The service at Cube was good with our waiter checking on us from time to time without being invasive. Our dishes arrived with ample time to enjoy the previous dish; I never felt rushed to finish a plate. Also, complimentary bottled water is provided and is served from a large jug--a nice touch. Overall this was a fine dinner and I will definitely keep this place in mind if I'm ever in this area.

After dinner we carpooled up along La Brea avenue to the Hollywood Roosevelt Hotel. Street parking on this Wednesday night was ample and I was able to find a spot just steps from the hotel's lobby entrance, right on Hollywood boulevard. Ah the benefit of partying on a school night :). Built in 1927, this 300-room hotel is is filled with historic significance; the first Academy Awards presentation took place here, and Marilyn Monroe was a resident during the early part of her career. A bar attached the lobby goes by the name Library Bar and was our final destination for the night.

Serving our drinks was non other than famed mixologist Matt Biancaniello, who was the topic of a recent LA Times article. I can't recall the names of our drinks and in fact Daniel K.'s drink had no name because Matt custom made the drink for Daniel K.'s taste. And with that, I'll leave you with pictures of our Library Bar outing.

Library Bar.

Drink menu

Matt in action. Note the emu egg on the right.

I think this was Linda's drink; I can't recall what it was, but it tasted good.

Daniel K.'s drink, which Matt custom made for him.

I've read that Library Bar gets extremely crowded on Friday and Saturday nights, with wait times of up to 30-minutes just to get the opportunity to order a cocktail. When we went, there were maybe 10 people in the bar, though it became more lively and interesting as the night went on. If it weren't for the drive, I could see myself coming here often to try more of Matt's creations.

Cube Cafe and Marketplace
615 N La Brea Ave
Los Angeles CA 90036

Hollywood Roosevelt Hotel

7000 Hollywood Blvd.
Hollywood CA, 90028

Friday, February 5, 2010

DineLA Dinner at FIG

The DineLA deals have received some flack lately with keen-eyed diners noticing no-so-special deals and suspicious menu swapping aimed to match the discounted prices. With over 200 participating restaurants and hundreds of menus to look through, finding the best deals can be hit and miss, but after a little investigative research I was able to narrow my picks down to a select few, and FIG was at the top. FIG's DineLA menus bestowed an impressive selection of appetizers and mains and there appeared to be no cheap substitutions; all DineLA menu items appeared to be clear and present on the regular menus. In fact, depending on the dishes chosen, a savings of over $10 could be had, and this is at a highly-regarded restaurant located in the ritzy Fairmont Hotel in downtown Santa Monica.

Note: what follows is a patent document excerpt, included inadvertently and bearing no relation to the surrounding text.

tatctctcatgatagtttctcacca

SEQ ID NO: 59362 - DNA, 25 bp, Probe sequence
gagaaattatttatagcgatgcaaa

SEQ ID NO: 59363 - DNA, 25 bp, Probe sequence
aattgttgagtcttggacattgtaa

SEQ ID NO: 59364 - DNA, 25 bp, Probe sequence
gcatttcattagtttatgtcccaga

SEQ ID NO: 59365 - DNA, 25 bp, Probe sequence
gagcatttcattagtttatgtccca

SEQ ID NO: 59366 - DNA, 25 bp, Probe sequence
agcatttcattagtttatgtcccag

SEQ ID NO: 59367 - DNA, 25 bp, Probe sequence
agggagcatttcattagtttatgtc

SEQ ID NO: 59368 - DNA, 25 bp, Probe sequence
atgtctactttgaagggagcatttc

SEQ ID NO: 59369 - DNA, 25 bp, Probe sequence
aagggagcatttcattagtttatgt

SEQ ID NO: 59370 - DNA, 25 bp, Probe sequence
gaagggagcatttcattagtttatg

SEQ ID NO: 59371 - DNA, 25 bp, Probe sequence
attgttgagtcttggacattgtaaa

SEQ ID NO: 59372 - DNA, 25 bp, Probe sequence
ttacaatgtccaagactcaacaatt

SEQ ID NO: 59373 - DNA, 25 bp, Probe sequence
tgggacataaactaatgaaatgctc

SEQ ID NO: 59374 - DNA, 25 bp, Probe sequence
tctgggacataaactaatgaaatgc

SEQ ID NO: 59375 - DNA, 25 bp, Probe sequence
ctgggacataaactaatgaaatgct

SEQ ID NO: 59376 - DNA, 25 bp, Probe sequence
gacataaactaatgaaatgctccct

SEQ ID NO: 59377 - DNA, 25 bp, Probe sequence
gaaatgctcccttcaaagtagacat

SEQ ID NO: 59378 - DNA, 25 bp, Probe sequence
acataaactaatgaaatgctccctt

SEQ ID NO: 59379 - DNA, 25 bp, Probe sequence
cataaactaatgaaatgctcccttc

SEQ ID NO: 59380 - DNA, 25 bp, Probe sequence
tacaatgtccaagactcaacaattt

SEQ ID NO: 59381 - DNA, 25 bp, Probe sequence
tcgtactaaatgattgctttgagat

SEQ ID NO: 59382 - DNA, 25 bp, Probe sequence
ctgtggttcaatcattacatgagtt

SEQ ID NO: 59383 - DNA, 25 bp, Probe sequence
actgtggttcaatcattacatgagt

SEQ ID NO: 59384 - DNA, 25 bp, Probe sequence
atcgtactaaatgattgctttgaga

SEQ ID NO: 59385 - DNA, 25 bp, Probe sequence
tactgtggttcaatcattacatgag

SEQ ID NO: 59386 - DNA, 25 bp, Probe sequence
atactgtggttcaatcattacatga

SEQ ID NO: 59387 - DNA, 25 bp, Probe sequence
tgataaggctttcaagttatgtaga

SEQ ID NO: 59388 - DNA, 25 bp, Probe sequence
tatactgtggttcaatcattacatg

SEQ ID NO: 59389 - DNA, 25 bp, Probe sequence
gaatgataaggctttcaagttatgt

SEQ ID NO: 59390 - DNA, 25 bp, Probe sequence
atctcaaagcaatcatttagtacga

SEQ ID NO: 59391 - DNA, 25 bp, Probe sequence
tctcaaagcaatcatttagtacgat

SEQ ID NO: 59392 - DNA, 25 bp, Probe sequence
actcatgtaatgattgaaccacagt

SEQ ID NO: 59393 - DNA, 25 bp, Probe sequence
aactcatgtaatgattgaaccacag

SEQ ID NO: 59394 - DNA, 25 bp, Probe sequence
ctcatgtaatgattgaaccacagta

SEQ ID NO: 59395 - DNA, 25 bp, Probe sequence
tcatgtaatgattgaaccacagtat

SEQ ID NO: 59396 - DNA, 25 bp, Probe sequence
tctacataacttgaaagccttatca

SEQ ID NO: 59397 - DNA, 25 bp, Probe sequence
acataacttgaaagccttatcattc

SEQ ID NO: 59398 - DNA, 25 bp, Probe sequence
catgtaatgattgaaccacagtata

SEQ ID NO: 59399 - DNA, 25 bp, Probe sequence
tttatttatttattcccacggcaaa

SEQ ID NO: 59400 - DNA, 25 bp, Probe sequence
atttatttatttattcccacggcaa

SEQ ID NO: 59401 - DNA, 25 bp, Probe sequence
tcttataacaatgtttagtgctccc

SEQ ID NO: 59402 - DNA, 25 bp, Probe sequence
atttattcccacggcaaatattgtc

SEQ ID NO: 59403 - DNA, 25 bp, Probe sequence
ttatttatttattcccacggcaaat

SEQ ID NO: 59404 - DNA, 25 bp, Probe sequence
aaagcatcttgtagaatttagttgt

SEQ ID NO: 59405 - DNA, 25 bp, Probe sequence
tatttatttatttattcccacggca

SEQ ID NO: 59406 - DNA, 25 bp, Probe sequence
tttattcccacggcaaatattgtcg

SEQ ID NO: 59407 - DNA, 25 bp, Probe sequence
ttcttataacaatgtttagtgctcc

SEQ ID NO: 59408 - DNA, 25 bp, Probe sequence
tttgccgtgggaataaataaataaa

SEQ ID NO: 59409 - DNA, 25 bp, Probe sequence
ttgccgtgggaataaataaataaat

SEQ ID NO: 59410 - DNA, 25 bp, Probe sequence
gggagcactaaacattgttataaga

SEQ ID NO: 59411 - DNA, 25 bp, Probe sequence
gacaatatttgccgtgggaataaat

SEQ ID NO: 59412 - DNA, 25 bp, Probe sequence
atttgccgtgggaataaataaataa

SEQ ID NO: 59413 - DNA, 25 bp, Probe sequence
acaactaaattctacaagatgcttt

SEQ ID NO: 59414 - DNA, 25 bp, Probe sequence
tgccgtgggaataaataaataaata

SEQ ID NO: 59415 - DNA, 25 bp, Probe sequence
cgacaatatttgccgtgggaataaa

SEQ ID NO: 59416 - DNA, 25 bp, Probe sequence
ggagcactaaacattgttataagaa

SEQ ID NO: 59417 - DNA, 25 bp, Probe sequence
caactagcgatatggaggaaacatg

Last Wednesday I met up with my wife and some friends for a 6:30pm reservation. As I mentioned, the restaurant is situated in the 4.5-star Fairmont Hotel; upon arrival guests are treated to a massive tree in the valet circle:

Straight from Avatar's Pandora.

The restaurant was packed with plenty of well-dressed Angelinos filling the seductive bar and spacious dining room. It's a dimly lit and beautifully decorated scene; a two-sided fireplace sits off to the side, and back tables overlook the hotel's pool area, which was nicely lit up at night. FIG's scene exudes romance and class. We're led to a table by the fireplace and begin looking through the menus.

Individually wrapped personal-size baguettes are brought to us along with a jar of tasty arugula spread:

Warm and crusty on the outside, the baguette was especially good with a soft, chewy interior. Paired with a healthy dollop of the arugula spread and a little coarse salt, the doughy bread becomes appetizer-like; it's a great start to our dinner.

FIG has a full bar with a decent wine and beer selection to go with a dozen or so specialty cocktails. I decide to try the mojito and it arrives in short order, served in a heavy, thick-rimmed glass:

While the taste is refreshing and sweet with bright flavors of lime, the drink is sorely lacking in rum and it was deceivingly large in size. I managed maybe six to eight slurps before seeing the bottom. I later ordered a Dewar's Scotch on the rocks, but the bartender added so much ice that my drink became diluted long before I could finish it. Drink fail :(.

An amuse-bouche is brought to us but the server didn't fully explain the preparation. I managed a bite of blood orange and some red onions, and found this to be utterly forgettable.